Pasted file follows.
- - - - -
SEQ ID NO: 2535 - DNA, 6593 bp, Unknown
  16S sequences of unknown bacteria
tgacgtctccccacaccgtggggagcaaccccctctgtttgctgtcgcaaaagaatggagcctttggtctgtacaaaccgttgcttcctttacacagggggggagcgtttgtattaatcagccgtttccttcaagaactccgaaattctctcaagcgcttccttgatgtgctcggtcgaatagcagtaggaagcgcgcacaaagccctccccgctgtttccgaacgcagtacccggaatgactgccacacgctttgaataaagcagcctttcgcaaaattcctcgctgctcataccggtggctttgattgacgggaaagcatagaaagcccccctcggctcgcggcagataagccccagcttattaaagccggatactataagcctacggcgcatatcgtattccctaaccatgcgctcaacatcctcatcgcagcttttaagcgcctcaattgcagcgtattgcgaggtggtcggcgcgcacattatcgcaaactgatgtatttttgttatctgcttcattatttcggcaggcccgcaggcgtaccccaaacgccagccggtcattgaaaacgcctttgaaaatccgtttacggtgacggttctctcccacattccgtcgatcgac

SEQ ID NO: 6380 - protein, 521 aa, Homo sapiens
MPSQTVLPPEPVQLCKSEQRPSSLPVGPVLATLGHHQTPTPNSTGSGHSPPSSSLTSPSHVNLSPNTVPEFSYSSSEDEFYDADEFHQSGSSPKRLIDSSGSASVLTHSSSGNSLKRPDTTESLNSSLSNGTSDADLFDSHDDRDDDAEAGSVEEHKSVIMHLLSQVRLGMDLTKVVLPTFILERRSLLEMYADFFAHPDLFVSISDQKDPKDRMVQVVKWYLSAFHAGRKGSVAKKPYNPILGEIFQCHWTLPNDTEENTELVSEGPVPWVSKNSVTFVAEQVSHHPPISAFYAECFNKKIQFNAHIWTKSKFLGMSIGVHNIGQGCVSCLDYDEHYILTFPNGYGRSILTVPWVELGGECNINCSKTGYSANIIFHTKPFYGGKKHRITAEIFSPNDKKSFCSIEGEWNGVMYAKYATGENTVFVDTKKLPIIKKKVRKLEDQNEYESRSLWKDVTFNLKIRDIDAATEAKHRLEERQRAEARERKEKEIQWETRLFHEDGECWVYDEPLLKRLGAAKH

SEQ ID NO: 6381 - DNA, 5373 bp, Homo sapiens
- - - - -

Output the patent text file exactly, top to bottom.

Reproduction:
SEQ ID NO: 2535 - DNA, 6593 bp, Unknown
  16S sequences of unknown bacteria
tgacgtctccccacaccgtggggagcaaccccctctgtttgctgtcgcaaaagaatggagcctttggtctgtacaaaccgttgcttcctttacacagggggggagcgtttgtattaatcagccgtttccttcaagaactccgaaattctctcaagcgcttccttgatgtgctcggtcgaatagcagtaggaagcgcgcacaaagccctccccgctgtttccgaacgcagtacccggaatgactgccacacgctttgaataaagcagcctttcgcaaaattcctcgctgctcataccggtggctttgattgacgggaaagcatagaaagcccccctcggctcgcggcagataagccccagcttattaaagccggatactataagcctacggcgcatatcgtattccctaaccatgcgctcaacatcctcatcgcagcttttaagcgcctcaattgcagcgtattgcgaggtggtcggcgcgcacattatcgcaaactgatgtatttttgttatctgcttcattatttcggcaggcccgcaggcgtaccccaaacgccagccggtcattgaaaacgcctttgaaaatccgtttacggtgacggttctctcccacattccgtcgatcgac

SEQ ID NO: 6380 - protein, 521 aa, Homo sapiens
MPSQTVLPPEPVQLCKSEQRPSSLPVGPVLATLGHHQTPTPNSTGSGHSPPSSSLTSPSHVNLSPNTVPEFSYSSSEDEFYDADEFHQSGSSPKRLIDSSGSASVLTHSSSGNSLKRPDTTESLNSSLSNGTSDADLFDSHDDRDDDAEAGSVEEHKSVIMHLLSQVRLGMDLTKVVLPTFILERRSLLEMYADFFAHPDLFVSISDQKDPKDRMVQVVKWYLSAFHAGRKGSVAKKPYNPILGEIFQCHWTLPNDTEENTELVSEGPVPWVSKNSVTFVAEQVSHHPPISAFYAECFNKKIQFNAHIWTKSKFLGMSIGVHNIGQGCVSCLDYDEHYILTFPNGYGRSILTVPWVELGGECNINCSKTGYSANIIFHTKPFYGGKKHRITAEIFSPNDKKSFCSIEGEWNGVMYAKYATGENTVFVDTKKLPIIKKKVRKLEDQNEYESRSLWKDVTFNLKIRDIDAATEAKHRLEERQRAEARERKEKEIQWETRLFHEDGECWVYDEPLLKRLGAAKH

SEQ ID NO: 6381 - DNA, 5373 bp, Homo sapiens